WATCH: New Interview Shows Stephen Colbert Talking Why He Loves Mass, When Humor Crosses the Line, and a Time Jesus Must Have LOL’d

Helga Esteb /

Stephen Colbert at the 65th Emmy Awards on September 22, 2013 in Los Angeles. Photo via Helga Esteb /

“I’m no particular exemplar of my faith,” says Stephen Colbert.

“I just happen to have affection for my church.”

Colbert’s latest interview with Toronto-based Catholic outlet Salt and Light is bursting at the seams with wisdom — and, of course, more than a few good laughs.

The new host of the Late Show sat down with Father Thomas Corsica for a 45-minute conversation, one which centered on the Catholic comedian’s reflections on faith and theology.

Pope Francis: 'Jesus Was Popular and Look How That Turned Out'

Image via Stefano Rellandini/REUTERS/RNS

In two wide-ranging new interviews, the pontiff discusses matters both weighty and personal, such as: the perils of his popularity, his plans to welcome divorced and remarried Catholics, and his fear that the church has locked Jesus up like a prisoner.

Speaking Sept. 13 to the Argentine radio station, FM Milenium, Francis lamented those who posed as his friends to exploit him, and decried religious fundamentalism.

And speaking to Portugal’s Radio Renascença in an interview that ran on Sept. 14, Francis said that a priest comes to hear his confession every 15 to 20 days: “And I never had to call an ambulance to take him back in shock over my sins!”

'This Was Terror' — What I Saw on Sept. 11

Image via /Shutterstock

My friends and colleagues are generally aware that before I began working at Sojourners, I was a patent examiner at the U.S. Patent and Trademark Office (USPTO) for six and a half years. What most of them do not know, however, is that I interviewed for that job — a five-minute drive from the Pentagon — on September 11, 2001.

Early that morning, I decided to take the Metro rather than drive to the USPTO’s offices in Crystal City, Va. I reasoned that if I got the job, I would want to get some idea about my future daily commute. This would prove to be a fortunate decision later on.

Even before the end of my trip to Crystal City, I had already heard news of the first World Trade Center tower being hit. When I arrived at the office, I hoped the interviewer would remember me after our conversation. He did — but considering the significance of all that happened that day, my concerns about employment now seem minuscule in hindsight.

Pope Francis: ‘All I Want Is to Go Out for a Pizza!’

Photo via Andrea Sabbadini / RNS

Pope Francis appears on the balcony of St. Peter’s Basilica on March 13, 2013 in Vatican City. Photo via Andrea Sabbadini / RNS

The “Pope of the Interview” strikes again: Pope Francis has given a lengthy — and fascinating — interview to a Mexican television station, which broadcast it on March 13 to mark the second anniversary of his election.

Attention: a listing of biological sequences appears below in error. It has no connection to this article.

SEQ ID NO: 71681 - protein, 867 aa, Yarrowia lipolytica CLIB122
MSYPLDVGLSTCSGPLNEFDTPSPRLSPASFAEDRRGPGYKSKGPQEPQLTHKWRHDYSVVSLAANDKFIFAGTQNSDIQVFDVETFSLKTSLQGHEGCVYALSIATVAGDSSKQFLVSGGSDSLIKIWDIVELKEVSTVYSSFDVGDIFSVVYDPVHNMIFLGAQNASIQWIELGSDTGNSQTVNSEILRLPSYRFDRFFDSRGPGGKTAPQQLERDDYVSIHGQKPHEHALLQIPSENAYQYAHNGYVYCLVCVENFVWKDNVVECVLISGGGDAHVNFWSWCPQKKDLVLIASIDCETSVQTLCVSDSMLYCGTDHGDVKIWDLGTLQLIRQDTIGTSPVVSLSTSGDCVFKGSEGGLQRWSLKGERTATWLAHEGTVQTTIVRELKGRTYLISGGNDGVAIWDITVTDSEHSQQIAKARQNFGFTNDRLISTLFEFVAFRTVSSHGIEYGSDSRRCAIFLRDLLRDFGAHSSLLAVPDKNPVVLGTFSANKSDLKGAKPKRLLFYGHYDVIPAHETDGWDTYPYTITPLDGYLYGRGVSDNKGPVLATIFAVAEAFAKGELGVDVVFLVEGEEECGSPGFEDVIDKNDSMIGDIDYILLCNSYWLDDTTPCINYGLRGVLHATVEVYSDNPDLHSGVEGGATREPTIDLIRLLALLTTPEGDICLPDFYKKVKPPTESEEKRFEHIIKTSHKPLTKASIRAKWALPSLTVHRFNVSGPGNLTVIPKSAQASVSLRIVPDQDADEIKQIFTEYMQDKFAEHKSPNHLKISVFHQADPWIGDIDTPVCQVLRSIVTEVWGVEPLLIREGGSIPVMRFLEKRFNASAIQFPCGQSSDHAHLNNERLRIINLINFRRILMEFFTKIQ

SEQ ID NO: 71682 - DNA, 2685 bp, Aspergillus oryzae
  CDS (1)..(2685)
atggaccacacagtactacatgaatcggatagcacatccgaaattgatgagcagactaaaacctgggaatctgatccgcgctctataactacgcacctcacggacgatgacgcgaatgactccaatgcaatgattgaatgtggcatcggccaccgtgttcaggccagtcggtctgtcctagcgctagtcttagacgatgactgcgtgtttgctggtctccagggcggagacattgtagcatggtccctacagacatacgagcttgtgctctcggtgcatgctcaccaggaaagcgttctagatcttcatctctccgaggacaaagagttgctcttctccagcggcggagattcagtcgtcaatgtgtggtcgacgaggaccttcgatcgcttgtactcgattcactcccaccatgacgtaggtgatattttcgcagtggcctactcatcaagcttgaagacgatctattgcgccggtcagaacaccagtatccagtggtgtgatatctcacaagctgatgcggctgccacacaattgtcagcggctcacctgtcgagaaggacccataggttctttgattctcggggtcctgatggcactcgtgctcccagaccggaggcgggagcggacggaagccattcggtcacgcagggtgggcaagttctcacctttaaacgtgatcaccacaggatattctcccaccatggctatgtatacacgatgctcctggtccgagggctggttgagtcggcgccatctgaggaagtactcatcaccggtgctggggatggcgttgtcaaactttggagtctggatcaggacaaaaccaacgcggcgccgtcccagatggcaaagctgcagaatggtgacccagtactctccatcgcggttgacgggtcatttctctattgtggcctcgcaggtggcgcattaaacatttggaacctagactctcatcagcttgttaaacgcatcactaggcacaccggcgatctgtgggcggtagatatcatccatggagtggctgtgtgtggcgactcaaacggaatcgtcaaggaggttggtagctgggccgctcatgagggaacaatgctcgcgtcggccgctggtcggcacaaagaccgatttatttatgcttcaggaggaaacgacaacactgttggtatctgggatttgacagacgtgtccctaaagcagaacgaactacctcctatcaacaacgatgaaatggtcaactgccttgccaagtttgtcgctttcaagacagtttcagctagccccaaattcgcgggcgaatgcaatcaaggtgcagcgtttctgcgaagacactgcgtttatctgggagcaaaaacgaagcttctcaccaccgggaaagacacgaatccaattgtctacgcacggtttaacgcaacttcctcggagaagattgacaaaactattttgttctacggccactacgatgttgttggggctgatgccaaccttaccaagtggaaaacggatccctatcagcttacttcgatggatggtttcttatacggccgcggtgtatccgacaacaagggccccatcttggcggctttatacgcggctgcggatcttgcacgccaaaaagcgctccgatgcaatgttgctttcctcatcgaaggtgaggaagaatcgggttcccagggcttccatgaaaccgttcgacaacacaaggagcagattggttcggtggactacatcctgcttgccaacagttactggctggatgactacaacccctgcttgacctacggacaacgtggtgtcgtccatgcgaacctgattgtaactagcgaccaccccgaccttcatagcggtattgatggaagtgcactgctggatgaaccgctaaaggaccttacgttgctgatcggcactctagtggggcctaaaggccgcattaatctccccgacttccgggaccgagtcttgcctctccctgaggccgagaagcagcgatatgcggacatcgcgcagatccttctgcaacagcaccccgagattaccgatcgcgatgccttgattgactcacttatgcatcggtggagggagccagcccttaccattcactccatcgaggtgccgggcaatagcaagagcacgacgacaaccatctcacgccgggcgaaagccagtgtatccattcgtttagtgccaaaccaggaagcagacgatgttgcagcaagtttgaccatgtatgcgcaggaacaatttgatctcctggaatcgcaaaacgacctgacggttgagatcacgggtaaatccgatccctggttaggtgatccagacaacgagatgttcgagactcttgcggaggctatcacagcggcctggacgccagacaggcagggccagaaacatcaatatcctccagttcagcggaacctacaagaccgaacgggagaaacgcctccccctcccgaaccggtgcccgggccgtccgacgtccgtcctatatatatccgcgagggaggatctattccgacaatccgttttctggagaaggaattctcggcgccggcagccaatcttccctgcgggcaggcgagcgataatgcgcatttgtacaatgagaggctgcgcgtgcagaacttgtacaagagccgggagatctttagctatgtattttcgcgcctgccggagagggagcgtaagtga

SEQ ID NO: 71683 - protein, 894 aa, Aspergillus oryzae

Speaking to the program “Noticieros Televisa,” Francis displays his usual candor, dishing details about the secret conclave that elected him, talking about how he senses his papacy will be short, how the church must get tough on sexual abuse, and how all he really wants “is to go out one day, without being recognized, and go to a pizzeria for a pizza.”

Here are some of the highlights based on Vatican Radio’s English translation and the original Spanish:

On whether he likes being pope:

“I do not mind!”

From NFL Cheerleading to Fighting Human Trafficking

Dotti Groover-Skipper

Florida is a target state for traffickers, with the Tampa Bay area as a top destination for this monstrous activity. Tampa Bay has a lethal combination of tourism, world famous beaches, hospitality and agricultural industries, sports arenas, a military base, international seaports and airports, as well as a destination spot for one of thelargest adult entertainment industries in the nation. This combination attracts all forms of human trafficking which has become a larger money maker than selling drugs, as the human "product" can be used and re-used over and over again.

Four Questions for Beth Katz

Photo by Dana Damewood

Bio: Beth Latz is founder and executive director of Project Interfaith.

1. Why did you decide to launch Project Interfaith?
There are a couple experiences in my life that led me to found PI. One would be that my grandparents immigrated to this country after experiencing harsh persecution as a result of their Jewish identity. Another would be growing up as a religious and ethnic minority and encountering a lot of people making assumptions about what that means. I didn’t always feel welcome or free to be who I am. But growing up and hearing about my grandparents’ experiences in other countries, I realized how lucky we are to have certain rights in this country. So I wanted to make sure people understand these rights and freedoms.

2. What is Project Interfaith’s mission and approach to interfaith work?
Our mission is to grow understanding, respect, and relationships among people of all beliefs and cultures—not to force agreement. And we don’t try to make everything run through PI, but rather we create different educational resources and digital tools that people can then take and use in their own communities and contexts. Some people think we’re trying to replace face-to-face gatherings with online experiences, but we’re not. Rather, we use digital media as a tool to enhance what happens when people come together.